When this piece arrived in an estate lot several years ago, I fell in love with it immediately – purely for its design and symbolism. I didn’t even look at the back – just thought it was an extraordinary piece.
Then I turned it over…..and………thought………..could it be?
I started googling and soon had a strong feeling this could be a piece by Hopi legend Charles Loloma.
Sonwai is the artistic name used by Verma Nequatewa. Verma began working with her uncle, the late Charles Loloma, in the mid-1960’s and continued working with him until his studio closed in the early 1990’s. At that time, she opened her own studio and has been continuing his teachings through her own jewelry.
Here is the reply I received from Bob Rhodes in response to my photos and email to Verma : “The pendant has a tufa-cast back and inlay of turquoise, lapis lazuli, coral and ironwood. It is difficult to see the detail in the photo, so I may have missed something.
The piece represents what Charles called a “Badger Hand.” Charles was Badger clan and this is his concept of a combination of badger paw and human hand. It was most likely made at the Loloma Studio at Hotevilla, AZ in the late 1960’s or early 1970’s. At that time he often did not differentiate between turquoise from different mines. He had a wash basin that he put all sorts of turquoise in, then picked pieces out for different colors and shapes. He did only use natural, not treated, turquoise, so some of the stones will “mature” or change color as they are exposed to light, air and skin oils. What you have is a very representational piece of Loloma jewelry of that time period. ”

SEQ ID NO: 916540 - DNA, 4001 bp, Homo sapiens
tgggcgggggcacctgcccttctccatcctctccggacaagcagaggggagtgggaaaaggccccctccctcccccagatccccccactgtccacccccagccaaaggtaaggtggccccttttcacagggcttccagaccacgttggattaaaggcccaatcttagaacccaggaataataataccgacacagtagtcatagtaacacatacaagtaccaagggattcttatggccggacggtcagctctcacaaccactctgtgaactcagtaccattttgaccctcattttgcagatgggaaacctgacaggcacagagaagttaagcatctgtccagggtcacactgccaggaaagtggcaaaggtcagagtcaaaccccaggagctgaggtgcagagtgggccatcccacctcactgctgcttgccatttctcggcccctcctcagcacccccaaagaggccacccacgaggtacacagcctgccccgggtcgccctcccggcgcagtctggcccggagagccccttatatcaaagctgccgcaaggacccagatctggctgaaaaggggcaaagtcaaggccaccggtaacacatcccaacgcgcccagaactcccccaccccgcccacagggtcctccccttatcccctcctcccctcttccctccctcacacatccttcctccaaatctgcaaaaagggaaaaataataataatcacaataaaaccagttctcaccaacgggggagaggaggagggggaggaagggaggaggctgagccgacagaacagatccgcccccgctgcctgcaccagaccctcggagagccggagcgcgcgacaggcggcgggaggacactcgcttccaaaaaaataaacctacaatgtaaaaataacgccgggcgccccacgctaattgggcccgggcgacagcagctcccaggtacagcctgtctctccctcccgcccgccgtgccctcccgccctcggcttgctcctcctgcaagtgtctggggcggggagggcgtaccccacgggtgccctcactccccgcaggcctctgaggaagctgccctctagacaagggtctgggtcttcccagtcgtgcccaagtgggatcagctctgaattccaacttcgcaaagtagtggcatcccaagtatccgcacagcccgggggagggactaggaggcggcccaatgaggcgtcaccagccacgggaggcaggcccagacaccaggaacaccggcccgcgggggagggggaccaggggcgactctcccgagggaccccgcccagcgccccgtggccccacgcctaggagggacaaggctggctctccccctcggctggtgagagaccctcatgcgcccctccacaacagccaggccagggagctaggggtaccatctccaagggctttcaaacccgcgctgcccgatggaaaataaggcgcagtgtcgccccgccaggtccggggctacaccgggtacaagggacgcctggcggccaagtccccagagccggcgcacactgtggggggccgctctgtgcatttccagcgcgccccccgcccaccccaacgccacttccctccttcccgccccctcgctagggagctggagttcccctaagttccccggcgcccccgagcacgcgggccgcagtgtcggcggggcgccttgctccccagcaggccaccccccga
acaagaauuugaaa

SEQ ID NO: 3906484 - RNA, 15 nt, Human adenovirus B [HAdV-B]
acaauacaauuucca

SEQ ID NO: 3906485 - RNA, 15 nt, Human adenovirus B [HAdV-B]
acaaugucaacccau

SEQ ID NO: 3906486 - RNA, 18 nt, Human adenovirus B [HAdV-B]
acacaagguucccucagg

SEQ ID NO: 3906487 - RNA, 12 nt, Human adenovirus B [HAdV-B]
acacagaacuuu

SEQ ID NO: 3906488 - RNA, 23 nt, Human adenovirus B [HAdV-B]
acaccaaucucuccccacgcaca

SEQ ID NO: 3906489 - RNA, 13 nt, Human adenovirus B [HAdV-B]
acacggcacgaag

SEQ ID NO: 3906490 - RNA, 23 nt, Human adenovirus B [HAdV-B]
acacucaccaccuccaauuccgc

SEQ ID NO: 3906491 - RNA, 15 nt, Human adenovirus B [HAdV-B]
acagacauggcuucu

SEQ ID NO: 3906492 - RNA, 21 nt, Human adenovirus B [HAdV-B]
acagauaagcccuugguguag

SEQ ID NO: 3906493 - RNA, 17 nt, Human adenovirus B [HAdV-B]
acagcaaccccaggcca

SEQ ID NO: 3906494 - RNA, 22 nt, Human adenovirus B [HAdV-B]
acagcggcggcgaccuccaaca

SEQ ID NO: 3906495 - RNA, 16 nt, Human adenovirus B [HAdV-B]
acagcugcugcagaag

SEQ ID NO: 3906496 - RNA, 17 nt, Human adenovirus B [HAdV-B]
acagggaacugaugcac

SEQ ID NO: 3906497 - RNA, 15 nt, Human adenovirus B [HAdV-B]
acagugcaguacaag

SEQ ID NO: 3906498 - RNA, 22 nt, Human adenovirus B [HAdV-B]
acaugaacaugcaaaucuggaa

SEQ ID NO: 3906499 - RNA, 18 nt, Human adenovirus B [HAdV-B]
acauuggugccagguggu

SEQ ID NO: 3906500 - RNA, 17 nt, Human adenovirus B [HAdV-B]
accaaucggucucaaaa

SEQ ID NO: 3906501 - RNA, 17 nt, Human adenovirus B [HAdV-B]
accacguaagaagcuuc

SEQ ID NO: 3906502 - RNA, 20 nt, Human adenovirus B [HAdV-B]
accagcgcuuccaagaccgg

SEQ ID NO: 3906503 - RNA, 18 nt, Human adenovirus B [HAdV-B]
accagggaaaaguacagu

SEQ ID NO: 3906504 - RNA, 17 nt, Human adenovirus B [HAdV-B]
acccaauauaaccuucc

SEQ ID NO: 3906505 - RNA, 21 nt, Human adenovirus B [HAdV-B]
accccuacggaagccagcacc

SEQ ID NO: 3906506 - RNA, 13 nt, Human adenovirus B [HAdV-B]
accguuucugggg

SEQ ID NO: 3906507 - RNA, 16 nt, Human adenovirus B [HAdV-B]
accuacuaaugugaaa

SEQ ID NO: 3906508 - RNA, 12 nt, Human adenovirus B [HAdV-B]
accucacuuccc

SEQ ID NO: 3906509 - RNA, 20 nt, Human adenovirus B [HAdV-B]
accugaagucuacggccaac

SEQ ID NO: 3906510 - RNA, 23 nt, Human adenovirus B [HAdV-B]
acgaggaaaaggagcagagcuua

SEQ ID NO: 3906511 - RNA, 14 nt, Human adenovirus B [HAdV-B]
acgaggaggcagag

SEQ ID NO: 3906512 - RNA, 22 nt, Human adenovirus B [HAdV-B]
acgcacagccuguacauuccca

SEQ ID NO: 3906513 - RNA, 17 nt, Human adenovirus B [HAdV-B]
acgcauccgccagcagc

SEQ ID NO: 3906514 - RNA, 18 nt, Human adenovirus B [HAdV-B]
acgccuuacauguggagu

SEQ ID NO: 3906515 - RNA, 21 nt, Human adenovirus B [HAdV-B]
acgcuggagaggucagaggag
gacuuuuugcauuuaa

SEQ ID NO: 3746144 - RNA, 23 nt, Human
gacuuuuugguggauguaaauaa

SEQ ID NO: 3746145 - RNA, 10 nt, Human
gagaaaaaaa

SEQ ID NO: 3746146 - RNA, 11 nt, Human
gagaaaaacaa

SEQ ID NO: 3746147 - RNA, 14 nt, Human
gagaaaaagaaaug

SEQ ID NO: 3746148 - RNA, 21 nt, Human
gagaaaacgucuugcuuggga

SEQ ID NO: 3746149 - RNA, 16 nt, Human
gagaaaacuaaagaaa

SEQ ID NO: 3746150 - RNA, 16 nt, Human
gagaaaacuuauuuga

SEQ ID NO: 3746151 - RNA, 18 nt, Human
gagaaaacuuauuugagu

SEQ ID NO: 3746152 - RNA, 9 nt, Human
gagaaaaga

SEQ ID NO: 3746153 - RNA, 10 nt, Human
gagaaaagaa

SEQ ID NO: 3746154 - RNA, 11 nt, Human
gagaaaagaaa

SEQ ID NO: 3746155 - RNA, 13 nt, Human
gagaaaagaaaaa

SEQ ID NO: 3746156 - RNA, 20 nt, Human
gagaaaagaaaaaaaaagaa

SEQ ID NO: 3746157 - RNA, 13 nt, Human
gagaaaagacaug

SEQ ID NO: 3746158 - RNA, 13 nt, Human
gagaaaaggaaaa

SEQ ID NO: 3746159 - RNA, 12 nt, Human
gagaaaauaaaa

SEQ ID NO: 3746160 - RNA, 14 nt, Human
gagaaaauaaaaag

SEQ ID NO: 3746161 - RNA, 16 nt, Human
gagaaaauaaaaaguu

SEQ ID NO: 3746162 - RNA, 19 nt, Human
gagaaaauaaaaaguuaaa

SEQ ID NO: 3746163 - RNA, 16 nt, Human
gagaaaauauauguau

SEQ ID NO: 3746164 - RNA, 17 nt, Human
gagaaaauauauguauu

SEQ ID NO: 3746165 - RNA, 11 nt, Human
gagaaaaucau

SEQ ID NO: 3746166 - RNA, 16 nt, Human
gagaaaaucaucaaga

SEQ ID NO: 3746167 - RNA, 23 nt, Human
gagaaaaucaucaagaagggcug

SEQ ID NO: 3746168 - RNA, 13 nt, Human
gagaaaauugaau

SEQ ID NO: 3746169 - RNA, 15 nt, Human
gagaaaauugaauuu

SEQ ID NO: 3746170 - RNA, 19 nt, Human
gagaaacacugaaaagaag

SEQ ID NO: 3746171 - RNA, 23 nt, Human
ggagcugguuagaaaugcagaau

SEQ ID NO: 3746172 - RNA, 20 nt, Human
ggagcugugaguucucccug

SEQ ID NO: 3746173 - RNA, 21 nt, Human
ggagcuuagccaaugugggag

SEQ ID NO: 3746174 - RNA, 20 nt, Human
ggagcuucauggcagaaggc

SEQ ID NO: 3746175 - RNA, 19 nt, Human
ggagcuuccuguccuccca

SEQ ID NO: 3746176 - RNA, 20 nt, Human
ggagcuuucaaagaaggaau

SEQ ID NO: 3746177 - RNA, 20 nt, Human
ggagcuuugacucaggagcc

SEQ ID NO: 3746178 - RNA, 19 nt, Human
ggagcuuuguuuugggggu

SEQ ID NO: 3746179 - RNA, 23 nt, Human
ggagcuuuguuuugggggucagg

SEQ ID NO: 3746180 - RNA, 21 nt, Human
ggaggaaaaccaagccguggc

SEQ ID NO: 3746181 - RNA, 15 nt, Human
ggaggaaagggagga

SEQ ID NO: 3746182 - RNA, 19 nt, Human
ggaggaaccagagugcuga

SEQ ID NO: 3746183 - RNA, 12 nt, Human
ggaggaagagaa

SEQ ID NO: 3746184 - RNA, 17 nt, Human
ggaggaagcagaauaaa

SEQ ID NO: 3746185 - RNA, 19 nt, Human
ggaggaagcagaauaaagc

They appreciated the photos as they are collecting as many as they can of Charles Loloma’s pieces.
Charles Loloma (1921-1991) was an active Hopi artist from 1949-1991. He is one of the most innovative and influential Native American artists of his time. He used many techniques including tufa casting, lost wax casting, stone and wood inlay, and cobblestone.
Although he was also a painter and ceramicist, he is most well known for his jewelry.
This badger paw pendant is an example of the high stone-to-stone inlay he became so well-known for.
According to Loloma himself, “I am not versed in the exact date that I started working in jewelry, but my guess is it was in 1947 when I was a student at Alfred University. I was working in pottery and silver.”
In the mid 1950s Loloma moved to Scottsdale, Arizona and began making jewelry in earnest.
The name Loloma translates to “many beautiful colors” which is certainly evident in his work. He broke from the tradition of solely using turquoise and coral by adding unusual stones of bright color as well as fossilized ivory and imported woods such as iron wood.
Much has been written about Charles Loloma – see Southwestern Indian Jewelry, Crafting New Traditions by Dexter Cirillo.